The summer of 1995 saw a pleasing contrast between international cricket and the domestic game. The Test series between England and West Indies was so dominated by pace bowlers, on both sides, that spinners took less than a tenth of the wickets. In first-class cricket, on the other hand, the two leading wicket-takers were Asian leg-spinners: Mushtaq Ahmed with 95 wickets, and Anil Kumble with 105.
Kumble thus became the first bowler to take 100 wickets since 1991; the first spinner to do so since 1983; and the first leg-spinner since 1971. But only nominally can Kumble be classified as a leg-spinner, for he does not specialise in temptations that end in a stumping, or a catch at long-off, and a deceived bat slammed against pad. He is a bowler of his own kind: a brisk top-spin bowler, making the ball turn a little both ways; tall at six foot two and dangerously bouncy on a hard pitch; and as persistently accurate in finding his target as a mosquito. Not one of his 105 victims was stumped. Twenty were leg-before and 21 bowled, most of them making the mistake of thinking they had time to play back to this leg-spinner. All the rest were caught, seldom in the deep, largely by Richard Montgomerie at short leg, David Capel at slip, Rob Bailey at silly point and Kevin Curran at gully. Kumble paid tribute to them all, and to Bob Carter who conducted their practices, for fulfilling such a demanding task without previous experience of such bowling.
Over the first-class season he conceded 2.3 runs per over, and then the bat's edge was frequently the scorer: at times a whole session would pass without Kumble conceding a boundary in front of the wicket. He bowled more overs than anyone else as well, except Mushtaq; and as his Indian compatriots at Gloucestershire and Durham, Javagal Srinath and Manoj Prabhakar, were equally hard-working, together they did much to change the perception of Indian players, hitherto not renowned for their stamina, in county cricket. After the NatWest Trophy final at Lord's when Kumble turned on what he thought was his best one-day bowling of the season, Warwickshire's captain Dermot Reeve summarised the impression of all English cricket when he declared that Kumble was "a fabulous bowler".
There is only one bowler of the last generation to whom he could be compared. But as ANIL KUMBLE was born on October 17, 1970, in Bangalore, he was too young to have studied Bhagwath Chandrasekhar and did not take him as a model. However, the conditions which prompted Chandrasekhar to bowl medium-paced top-spinners and googlies were those that governed Kumble's development. Club cricket in Bangalore is played on matting spread over baked mud (Kumble still occasionally turns out for his club, Young Cricketers), and the springy rather than fast surface can make a top-spinner bounce exceptionally. Kumble smiles at the recollection of wicket-keepers who were apprehensive about standing up to him. As in the case of Chandra, the batsman can sometimes hear the ball fizz after leaving Kumble's hand - although it is no easier to play for being audible as well as visible.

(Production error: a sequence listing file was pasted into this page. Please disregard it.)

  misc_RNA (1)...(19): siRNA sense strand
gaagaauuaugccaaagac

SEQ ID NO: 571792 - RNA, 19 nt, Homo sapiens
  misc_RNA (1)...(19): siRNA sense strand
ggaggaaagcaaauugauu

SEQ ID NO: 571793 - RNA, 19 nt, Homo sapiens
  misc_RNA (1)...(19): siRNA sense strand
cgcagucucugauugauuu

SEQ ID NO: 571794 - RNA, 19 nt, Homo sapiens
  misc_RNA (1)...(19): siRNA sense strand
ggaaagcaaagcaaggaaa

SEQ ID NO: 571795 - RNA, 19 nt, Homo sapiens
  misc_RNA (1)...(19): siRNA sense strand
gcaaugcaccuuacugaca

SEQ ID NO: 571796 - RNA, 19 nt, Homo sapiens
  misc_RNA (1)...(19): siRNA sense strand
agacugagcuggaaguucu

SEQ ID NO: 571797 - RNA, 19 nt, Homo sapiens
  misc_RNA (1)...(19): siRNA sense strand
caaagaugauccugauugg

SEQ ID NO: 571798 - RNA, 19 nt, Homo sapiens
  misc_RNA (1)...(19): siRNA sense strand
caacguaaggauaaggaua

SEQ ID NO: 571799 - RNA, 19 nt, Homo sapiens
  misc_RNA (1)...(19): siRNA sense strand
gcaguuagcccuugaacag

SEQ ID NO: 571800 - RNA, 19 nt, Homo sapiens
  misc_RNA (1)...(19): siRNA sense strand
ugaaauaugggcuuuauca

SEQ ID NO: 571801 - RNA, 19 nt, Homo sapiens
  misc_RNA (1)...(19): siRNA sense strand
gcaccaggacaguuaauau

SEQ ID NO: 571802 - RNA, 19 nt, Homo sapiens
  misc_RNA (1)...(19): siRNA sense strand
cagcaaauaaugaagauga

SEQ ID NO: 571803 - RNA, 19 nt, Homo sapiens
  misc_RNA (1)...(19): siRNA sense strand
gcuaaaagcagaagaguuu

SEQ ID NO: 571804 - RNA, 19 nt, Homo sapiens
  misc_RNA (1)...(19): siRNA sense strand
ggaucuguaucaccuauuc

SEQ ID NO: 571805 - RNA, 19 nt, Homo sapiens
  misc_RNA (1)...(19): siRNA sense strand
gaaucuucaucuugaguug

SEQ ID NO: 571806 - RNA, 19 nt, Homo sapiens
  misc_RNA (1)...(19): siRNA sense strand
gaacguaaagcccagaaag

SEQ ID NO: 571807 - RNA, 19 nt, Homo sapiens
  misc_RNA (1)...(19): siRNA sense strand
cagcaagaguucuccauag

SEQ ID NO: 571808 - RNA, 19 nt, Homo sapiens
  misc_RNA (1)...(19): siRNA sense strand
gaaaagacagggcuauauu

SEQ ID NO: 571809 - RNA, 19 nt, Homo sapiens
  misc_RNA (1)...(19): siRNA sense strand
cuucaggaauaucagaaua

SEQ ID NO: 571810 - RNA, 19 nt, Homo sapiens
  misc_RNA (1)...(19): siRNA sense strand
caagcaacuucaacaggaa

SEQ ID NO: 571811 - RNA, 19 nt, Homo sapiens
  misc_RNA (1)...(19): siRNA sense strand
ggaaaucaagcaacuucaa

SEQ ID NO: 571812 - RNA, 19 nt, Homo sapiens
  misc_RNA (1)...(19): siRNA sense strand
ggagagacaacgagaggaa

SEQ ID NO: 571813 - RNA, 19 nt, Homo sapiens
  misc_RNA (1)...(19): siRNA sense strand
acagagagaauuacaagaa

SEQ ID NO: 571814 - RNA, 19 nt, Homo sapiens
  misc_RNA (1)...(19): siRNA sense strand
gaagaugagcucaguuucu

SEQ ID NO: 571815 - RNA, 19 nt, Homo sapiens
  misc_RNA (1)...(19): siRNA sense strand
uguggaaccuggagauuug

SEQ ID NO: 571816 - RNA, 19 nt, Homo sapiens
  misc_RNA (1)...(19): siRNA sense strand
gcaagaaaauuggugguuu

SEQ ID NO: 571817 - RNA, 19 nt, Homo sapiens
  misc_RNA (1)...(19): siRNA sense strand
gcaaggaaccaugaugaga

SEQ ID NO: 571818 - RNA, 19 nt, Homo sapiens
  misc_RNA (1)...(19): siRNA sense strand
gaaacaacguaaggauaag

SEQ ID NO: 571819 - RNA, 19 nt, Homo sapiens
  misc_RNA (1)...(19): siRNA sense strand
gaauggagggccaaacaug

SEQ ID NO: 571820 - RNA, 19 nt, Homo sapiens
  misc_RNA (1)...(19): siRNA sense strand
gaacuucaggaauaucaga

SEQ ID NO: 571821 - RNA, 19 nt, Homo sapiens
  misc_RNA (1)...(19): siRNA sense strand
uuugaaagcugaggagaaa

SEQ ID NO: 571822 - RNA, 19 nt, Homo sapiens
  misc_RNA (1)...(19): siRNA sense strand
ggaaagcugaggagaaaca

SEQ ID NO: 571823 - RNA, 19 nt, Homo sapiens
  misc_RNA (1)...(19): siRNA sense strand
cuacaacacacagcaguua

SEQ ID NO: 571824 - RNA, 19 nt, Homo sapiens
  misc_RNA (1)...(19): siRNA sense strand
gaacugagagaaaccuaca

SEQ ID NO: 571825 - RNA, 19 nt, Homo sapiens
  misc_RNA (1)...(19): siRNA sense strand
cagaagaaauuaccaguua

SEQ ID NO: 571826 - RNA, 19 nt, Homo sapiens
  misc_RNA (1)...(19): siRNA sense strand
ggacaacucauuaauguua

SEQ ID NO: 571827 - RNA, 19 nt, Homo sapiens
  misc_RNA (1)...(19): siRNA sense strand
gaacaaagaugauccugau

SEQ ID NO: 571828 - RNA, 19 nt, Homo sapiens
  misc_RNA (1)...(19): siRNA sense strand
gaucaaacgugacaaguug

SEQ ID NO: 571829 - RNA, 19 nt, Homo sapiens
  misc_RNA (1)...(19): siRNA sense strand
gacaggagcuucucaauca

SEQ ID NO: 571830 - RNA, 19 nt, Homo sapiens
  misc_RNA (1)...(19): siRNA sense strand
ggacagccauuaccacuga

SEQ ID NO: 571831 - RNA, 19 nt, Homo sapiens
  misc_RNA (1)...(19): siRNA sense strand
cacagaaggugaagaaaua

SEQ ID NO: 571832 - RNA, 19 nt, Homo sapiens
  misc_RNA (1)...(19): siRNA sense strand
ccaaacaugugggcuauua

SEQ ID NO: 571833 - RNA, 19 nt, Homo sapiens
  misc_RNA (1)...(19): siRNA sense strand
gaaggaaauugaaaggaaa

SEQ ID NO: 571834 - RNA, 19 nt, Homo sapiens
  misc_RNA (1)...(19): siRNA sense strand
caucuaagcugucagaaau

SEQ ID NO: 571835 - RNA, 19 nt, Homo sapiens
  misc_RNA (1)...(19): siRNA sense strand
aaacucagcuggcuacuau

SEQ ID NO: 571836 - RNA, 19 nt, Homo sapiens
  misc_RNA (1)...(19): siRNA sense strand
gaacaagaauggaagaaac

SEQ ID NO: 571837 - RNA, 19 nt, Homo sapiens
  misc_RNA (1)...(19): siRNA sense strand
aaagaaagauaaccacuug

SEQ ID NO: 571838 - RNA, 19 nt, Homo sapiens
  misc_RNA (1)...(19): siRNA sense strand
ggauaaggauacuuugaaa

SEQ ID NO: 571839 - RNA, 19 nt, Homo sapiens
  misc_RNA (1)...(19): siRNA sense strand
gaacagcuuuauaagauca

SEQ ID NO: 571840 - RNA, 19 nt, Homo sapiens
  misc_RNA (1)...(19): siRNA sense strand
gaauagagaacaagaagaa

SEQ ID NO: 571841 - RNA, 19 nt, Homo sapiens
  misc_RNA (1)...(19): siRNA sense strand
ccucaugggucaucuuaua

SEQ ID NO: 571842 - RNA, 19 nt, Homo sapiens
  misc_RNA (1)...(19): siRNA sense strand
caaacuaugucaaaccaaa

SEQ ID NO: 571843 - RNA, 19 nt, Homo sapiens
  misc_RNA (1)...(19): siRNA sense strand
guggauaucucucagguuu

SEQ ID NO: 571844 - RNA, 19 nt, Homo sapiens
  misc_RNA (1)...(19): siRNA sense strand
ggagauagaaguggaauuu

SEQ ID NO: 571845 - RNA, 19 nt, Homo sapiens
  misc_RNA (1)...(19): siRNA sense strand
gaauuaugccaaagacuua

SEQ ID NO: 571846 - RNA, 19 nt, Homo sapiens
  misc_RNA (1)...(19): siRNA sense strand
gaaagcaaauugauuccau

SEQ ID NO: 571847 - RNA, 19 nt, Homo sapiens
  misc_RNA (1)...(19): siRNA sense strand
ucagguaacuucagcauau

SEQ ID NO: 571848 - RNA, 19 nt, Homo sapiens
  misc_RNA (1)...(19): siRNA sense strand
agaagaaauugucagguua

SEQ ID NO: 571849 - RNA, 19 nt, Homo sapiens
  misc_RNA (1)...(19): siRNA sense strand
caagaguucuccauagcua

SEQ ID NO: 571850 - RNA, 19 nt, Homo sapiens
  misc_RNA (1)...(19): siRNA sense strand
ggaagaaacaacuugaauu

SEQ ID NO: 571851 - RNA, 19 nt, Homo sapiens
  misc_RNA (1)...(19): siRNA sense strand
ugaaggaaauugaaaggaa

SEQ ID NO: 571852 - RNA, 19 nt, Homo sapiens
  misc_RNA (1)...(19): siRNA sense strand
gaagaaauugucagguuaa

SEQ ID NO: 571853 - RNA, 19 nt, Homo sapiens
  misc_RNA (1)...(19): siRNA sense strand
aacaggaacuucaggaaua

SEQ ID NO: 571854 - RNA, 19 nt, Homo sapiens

Kumble's father, a management consultant, had not played the game formally. Anil began by playing tennis ball cricket in the streets outside his house, a form of the game which has organised tournaments there. He moved on to bowl medium-pace until his conversion at 15, when of one reason or another, his elder brother Dinesh persuaded him to try leg-spin as a novelty, even in southern India. "There was no one to guide me or coach me or show me how to grip the ball," Kumble remembers. But with a long and energetic arm-swing, and powerful shoulders, he could soon make it bounce like a tennis ball.
He was rapidly selected for Karnataka Schools Under-15, then for Karnataka in 1989-90, when Chandra was in his last year as a state selector. On the 1990 tour of England he made his Test debut at Old Trafford, aged 19, as a bespectacled No. 10 (he has since shed the glasses for lenses, and his lowly status in the order, making hundreds for Karnataka). His first Test wicket was Allan Lamb, caught at silly point, which had long-term consequences.
His 100th came in his 21st Test, on his home ground in Bangalore. In home Tests he often had turning pitches to bowl on, and large Tendulkar fed totals to bowl at, but that is still a fine record: Shane Warne took two more Tests to reach his 100. His Indian captain, Mohammad Azharuddin, phoned Lamb to recommend Kumble when Northamptonshire wanted to replace Curtly Ambrose; and when the county contacted him at a Madras hotel, he accepted without even discussing terms.
Kumble's aim in undertaking county cricket was to develop his variety and to learn more about pitches, with a view to India's tour of England in 1996. This ambition he fulfilled. While he kept to his lower trajectory and faster speed for one-day matches, in the Championship he bowled more slowly than hitherto, and turned the ball sideways both further and more often, not just fizzing it through. He would bowl six googlies in an over against a left-hander.
His county did their best to make Northampton's pitches as similar as possible to Bangalore. He took 64 wickets at 16 runs apiece at Northampton, and 41 wickets at 27 elsewhere. If he sometimes had to come on before the seam bowlers had taken a wicket, he was always accurate, and calm, as native Kannada-speakers are reputed to be.
"I'm very satisfied with my season," he declared afterwards, and so were the county, who failed to win that elusive Championship through no fault of their overseas signing. Unmarried, teetotal and vegetarian, a graduate in mechanical engineering and speaking excellent English, Kumble would join in with his team-mates at the bar, even if taking soft drinks. They would have him back any time he can get away from his public relations job for Triton Watches, his employers in Bangalore; and from the Test match game so dominated by seam.